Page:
Yeah, the scraping of the locomotive across the tabletop was annoying at least. If I were them I would be flooding the S social media with close up photos of the engine and other information to get the buzz going.
One would think their Facebook page for Flyer would be a start. I'm sure the NASG would be willing to post some photo's on their site, also. Keeping the light under the basket doesn't serve anything. I noticed there's zero discussions about the new catalog on S-Trains.io or the Model Train Forum.
And once again they do a fantasy train, Gilbert Gravel. Hmm, why not Granite Rock, who had steam engines, one very similar to the docksider that is now hauling the passenger train for the California Railroad Museum?
I would have to agree. Capitalizing of the Gilbert name pretty much appeals only to the diminishing market of folks who remember who A.C.Gilbert was. Unfortunately, old ACG isn't as much a household name as JLC. I guess Lionel's true marketing genius in the postwar period was plastering "Lionel Lines" on whatever they could, particularly steam locomotives. Perhaps Gilbert should have used "Gilbert Lines" rather than "American Flyer Lines."
I see two things here that, IMHO, don't bode well for their faith in the S market growing; 1)NO printed catalog, we just get an online one, so you can't just share with others easily. Not everyone has high speed internet abilities.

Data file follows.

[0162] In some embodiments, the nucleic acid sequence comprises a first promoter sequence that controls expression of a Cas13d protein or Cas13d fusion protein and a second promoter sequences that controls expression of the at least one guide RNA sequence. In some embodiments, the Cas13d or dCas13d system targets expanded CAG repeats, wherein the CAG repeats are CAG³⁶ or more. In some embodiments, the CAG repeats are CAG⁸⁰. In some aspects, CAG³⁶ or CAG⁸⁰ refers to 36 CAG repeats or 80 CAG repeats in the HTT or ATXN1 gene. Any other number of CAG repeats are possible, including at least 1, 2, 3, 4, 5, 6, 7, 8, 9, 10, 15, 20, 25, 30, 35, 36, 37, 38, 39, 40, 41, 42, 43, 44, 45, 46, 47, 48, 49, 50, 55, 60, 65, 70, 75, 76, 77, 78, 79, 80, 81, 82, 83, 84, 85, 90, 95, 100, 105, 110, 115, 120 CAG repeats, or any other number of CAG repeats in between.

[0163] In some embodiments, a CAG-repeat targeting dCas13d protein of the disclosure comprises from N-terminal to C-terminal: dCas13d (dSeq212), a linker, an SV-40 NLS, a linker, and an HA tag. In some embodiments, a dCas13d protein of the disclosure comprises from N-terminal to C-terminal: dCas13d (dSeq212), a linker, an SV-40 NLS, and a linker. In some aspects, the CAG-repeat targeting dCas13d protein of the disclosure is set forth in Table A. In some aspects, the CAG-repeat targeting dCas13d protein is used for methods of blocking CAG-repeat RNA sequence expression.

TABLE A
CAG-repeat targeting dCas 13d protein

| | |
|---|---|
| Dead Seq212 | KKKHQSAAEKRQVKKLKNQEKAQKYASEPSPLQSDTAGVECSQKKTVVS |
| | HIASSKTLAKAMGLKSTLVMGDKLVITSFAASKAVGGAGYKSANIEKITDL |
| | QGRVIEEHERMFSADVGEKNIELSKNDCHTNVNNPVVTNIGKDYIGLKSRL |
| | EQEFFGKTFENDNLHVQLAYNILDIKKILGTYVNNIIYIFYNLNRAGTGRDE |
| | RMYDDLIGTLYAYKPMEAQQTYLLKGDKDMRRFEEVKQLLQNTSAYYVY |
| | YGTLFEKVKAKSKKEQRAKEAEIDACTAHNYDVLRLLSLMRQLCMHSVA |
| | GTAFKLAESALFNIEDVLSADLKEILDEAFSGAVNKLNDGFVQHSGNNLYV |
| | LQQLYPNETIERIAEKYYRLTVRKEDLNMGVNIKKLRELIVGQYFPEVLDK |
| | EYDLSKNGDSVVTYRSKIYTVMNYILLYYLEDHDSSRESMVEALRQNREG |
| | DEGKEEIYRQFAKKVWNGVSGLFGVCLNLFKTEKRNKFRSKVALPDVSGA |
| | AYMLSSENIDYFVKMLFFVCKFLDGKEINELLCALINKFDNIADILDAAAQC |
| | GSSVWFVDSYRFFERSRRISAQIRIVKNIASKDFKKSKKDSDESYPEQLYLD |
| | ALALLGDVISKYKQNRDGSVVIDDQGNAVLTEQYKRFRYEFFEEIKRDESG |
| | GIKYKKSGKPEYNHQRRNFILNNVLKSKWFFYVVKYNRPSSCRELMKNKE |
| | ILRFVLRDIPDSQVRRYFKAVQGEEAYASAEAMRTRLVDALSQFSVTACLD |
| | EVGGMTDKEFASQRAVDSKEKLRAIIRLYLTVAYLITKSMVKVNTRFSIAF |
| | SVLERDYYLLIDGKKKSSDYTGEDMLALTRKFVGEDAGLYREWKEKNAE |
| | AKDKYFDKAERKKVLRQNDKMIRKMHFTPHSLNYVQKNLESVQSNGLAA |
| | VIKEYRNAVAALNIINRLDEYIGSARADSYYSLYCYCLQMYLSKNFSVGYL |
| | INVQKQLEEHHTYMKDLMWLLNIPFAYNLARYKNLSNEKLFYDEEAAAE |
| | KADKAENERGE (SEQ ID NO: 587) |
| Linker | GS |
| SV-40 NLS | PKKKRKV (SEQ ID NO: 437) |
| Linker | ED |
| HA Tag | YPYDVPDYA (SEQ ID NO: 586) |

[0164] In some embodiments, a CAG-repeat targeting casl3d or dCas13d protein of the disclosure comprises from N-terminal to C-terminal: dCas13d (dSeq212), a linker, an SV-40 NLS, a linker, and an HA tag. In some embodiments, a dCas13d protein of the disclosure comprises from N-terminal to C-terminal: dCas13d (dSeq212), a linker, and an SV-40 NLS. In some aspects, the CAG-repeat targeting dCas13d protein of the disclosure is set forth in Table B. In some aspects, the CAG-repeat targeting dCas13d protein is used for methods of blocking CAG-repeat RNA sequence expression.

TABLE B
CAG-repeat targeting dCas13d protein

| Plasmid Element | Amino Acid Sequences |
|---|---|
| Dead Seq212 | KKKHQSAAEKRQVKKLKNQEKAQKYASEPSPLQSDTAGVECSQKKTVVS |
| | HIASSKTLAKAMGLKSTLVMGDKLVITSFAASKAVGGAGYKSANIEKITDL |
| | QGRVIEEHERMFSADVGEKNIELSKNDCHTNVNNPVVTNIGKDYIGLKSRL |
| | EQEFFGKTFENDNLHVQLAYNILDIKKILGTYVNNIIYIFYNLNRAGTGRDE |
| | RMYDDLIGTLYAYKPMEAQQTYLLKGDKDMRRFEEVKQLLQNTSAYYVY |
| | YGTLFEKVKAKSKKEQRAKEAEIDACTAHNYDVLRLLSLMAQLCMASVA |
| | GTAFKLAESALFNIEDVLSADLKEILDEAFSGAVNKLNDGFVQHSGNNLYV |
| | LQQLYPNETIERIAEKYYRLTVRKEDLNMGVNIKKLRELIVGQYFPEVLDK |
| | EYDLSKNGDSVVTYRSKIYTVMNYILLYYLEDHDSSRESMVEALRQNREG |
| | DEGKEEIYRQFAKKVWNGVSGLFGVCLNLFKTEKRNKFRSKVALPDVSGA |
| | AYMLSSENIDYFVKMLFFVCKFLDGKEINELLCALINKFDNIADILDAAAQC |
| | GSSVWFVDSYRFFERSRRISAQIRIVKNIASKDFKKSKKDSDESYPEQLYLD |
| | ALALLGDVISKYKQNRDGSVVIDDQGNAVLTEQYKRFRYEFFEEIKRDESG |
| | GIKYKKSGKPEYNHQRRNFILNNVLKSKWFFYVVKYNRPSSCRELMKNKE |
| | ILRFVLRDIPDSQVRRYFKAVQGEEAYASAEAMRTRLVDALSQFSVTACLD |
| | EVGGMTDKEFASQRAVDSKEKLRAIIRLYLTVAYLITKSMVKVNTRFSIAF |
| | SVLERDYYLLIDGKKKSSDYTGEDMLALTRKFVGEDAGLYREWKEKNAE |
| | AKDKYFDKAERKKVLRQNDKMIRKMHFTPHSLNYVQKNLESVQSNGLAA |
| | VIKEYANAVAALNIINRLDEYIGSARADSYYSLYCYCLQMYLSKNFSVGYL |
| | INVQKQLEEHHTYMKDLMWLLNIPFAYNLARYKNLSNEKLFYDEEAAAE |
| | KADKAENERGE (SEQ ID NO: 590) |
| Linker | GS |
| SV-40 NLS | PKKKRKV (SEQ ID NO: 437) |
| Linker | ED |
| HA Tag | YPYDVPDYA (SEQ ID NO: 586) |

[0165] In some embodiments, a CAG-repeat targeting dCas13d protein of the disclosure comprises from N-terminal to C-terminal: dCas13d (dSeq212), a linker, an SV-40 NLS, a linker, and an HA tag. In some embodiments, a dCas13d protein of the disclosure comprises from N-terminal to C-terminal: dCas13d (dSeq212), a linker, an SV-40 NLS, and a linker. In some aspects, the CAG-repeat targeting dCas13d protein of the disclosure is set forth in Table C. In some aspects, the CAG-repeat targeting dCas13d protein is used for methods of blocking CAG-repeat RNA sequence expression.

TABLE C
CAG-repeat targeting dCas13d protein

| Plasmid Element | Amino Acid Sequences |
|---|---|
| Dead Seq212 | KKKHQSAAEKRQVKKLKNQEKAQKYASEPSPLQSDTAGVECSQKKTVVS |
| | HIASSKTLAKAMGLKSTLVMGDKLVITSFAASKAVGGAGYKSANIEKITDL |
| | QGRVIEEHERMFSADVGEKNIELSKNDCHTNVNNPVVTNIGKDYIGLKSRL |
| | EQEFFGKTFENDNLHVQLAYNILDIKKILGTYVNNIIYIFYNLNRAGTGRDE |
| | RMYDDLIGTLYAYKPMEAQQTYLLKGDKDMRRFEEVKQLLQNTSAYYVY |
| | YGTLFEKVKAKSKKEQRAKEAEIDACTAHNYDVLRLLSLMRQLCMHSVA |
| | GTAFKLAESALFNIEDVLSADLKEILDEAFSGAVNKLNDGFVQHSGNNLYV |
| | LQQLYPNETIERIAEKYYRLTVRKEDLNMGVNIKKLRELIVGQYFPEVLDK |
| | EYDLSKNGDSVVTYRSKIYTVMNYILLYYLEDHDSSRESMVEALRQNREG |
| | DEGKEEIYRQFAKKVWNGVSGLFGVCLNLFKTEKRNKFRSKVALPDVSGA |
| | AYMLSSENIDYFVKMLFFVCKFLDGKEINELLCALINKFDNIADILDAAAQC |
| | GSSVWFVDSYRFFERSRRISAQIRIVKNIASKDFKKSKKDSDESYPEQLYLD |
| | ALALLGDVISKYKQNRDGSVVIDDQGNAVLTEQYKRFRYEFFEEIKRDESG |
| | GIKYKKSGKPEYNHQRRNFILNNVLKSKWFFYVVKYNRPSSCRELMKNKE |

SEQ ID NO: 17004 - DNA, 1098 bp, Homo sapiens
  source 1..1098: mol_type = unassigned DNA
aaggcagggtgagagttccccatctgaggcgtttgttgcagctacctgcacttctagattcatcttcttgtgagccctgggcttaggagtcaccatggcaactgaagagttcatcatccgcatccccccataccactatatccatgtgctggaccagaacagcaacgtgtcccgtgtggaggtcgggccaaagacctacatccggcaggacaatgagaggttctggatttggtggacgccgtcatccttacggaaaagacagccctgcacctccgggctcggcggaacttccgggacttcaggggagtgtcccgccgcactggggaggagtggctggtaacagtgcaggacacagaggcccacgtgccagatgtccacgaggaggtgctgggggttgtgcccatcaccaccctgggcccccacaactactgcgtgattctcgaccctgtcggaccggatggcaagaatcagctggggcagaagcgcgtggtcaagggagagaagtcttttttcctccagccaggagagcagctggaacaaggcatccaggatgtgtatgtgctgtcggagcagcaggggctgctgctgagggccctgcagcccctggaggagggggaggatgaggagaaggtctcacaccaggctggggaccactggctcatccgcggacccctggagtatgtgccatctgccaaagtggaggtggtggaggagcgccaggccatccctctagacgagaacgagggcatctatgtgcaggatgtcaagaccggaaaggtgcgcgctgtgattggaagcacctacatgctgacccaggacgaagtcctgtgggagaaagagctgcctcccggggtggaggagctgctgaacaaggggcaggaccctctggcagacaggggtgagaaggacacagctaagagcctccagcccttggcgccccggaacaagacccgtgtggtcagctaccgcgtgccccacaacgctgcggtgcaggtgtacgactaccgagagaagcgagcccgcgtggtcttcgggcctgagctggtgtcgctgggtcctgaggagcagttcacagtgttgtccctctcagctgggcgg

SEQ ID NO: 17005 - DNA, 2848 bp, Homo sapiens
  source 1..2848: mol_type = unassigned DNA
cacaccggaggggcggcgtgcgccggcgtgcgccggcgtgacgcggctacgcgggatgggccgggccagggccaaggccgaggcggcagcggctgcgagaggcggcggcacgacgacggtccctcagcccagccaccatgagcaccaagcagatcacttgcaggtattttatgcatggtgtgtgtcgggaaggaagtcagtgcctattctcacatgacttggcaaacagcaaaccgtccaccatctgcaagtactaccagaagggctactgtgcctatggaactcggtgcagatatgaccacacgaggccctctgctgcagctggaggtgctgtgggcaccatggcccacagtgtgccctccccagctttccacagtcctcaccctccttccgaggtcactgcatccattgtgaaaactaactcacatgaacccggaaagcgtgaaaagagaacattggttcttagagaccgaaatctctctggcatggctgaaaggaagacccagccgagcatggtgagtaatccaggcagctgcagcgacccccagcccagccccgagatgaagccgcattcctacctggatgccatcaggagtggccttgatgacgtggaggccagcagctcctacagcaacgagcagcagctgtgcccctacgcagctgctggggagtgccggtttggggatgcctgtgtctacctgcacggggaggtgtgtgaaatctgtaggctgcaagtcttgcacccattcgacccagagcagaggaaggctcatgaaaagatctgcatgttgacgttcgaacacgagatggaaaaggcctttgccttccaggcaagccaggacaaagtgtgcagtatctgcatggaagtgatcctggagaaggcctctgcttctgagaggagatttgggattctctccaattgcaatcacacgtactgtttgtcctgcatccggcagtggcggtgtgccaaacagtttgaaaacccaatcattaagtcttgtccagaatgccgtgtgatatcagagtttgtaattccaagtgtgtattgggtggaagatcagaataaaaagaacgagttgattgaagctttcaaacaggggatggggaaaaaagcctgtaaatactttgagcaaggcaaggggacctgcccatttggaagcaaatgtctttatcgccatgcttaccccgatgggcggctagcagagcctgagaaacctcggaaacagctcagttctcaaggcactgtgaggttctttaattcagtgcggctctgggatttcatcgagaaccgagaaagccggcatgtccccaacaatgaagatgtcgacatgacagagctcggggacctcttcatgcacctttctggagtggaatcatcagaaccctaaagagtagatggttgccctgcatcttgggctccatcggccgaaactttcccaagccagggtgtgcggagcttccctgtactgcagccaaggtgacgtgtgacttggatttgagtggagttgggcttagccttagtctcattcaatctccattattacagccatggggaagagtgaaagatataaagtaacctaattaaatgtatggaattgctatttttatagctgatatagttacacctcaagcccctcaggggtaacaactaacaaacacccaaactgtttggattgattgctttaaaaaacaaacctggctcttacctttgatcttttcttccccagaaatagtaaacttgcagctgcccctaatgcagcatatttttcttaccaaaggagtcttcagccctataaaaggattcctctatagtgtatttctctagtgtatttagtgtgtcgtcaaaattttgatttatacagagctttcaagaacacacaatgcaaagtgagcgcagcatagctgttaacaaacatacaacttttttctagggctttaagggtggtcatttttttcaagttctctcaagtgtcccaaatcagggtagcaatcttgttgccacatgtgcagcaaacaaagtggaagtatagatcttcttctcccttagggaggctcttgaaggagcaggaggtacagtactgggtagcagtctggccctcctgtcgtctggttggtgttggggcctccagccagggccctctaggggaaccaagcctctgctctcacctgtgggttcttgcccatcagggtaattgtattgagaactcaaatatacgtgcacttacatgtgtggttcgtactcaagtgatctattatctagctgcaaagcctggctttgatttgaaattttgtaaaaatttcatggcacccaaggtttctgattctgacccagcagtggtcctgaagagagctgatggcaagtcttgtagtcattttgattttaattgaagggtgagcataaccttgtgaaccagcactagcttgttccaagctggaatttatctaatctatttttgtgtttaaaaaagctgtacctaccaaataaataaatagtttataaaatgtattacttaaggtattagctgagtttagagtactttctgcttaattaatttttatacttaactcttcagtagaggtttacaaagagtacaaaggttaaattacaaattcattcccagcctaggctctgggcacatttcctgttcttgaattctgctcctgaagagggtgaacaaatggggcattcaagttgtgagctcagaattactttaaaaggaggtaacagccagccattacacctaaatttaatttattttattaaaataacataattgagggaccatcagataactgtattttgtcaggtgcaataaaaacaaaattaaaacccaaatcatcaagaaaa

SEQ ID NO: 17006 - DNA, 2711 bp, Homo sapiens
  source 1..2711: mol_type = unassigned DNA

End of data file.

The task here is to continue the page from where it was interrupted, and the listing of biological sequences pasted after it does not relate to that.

MTH isn't printing an S catalog either and AM's last printed catalog is a couple of years out of date, although AM's provided some update inserts.
It's another way of the world, more and more companies in general are encouraging online for whatever. Try and do mail order with Amazon. Credit card companies encourage on-line use, utilities encourage going paperless, banks are eliminating passbooks, so if you want to check your balance, you need to go online. It's a trend that's not going to reverse or go away. The internet has become a utility. I don't particularly like it, but I'm trying to adapt.
2)only building enough for advanced orders--no thought to how popular it might become once a few folks have theirs in hand. Having product around--READY TO DELIVER--was once considered standard practice and part of the cost of doing business. Just In Time production doesn't balance well with niche markets like toy trains--IMHO.
BTO is pretty much the way of the world nowadays, practically all of the HO/N companies are using it now. No manufacturer/importer wants to carry inventory anymore. It's not going to change. Admittedly, this really hurts S because so there are few S dealers around to carry additional stock to act as a buffer.
It use to be that if you had faith in future sales, you had product made to fill that upcoming demand. Past runs of the Berks seem to show an ongoing interest in the engines.
I'm guessing the FlyerChief Berkshire sale have plateaued. They may have sold well on the first release, encouraging a second run. But some sales of the second run were probably "torpedoed" last time by the first announcement of the Legacy Berks. It's not a third run of F/C Berks that appears in the 2020 catalog..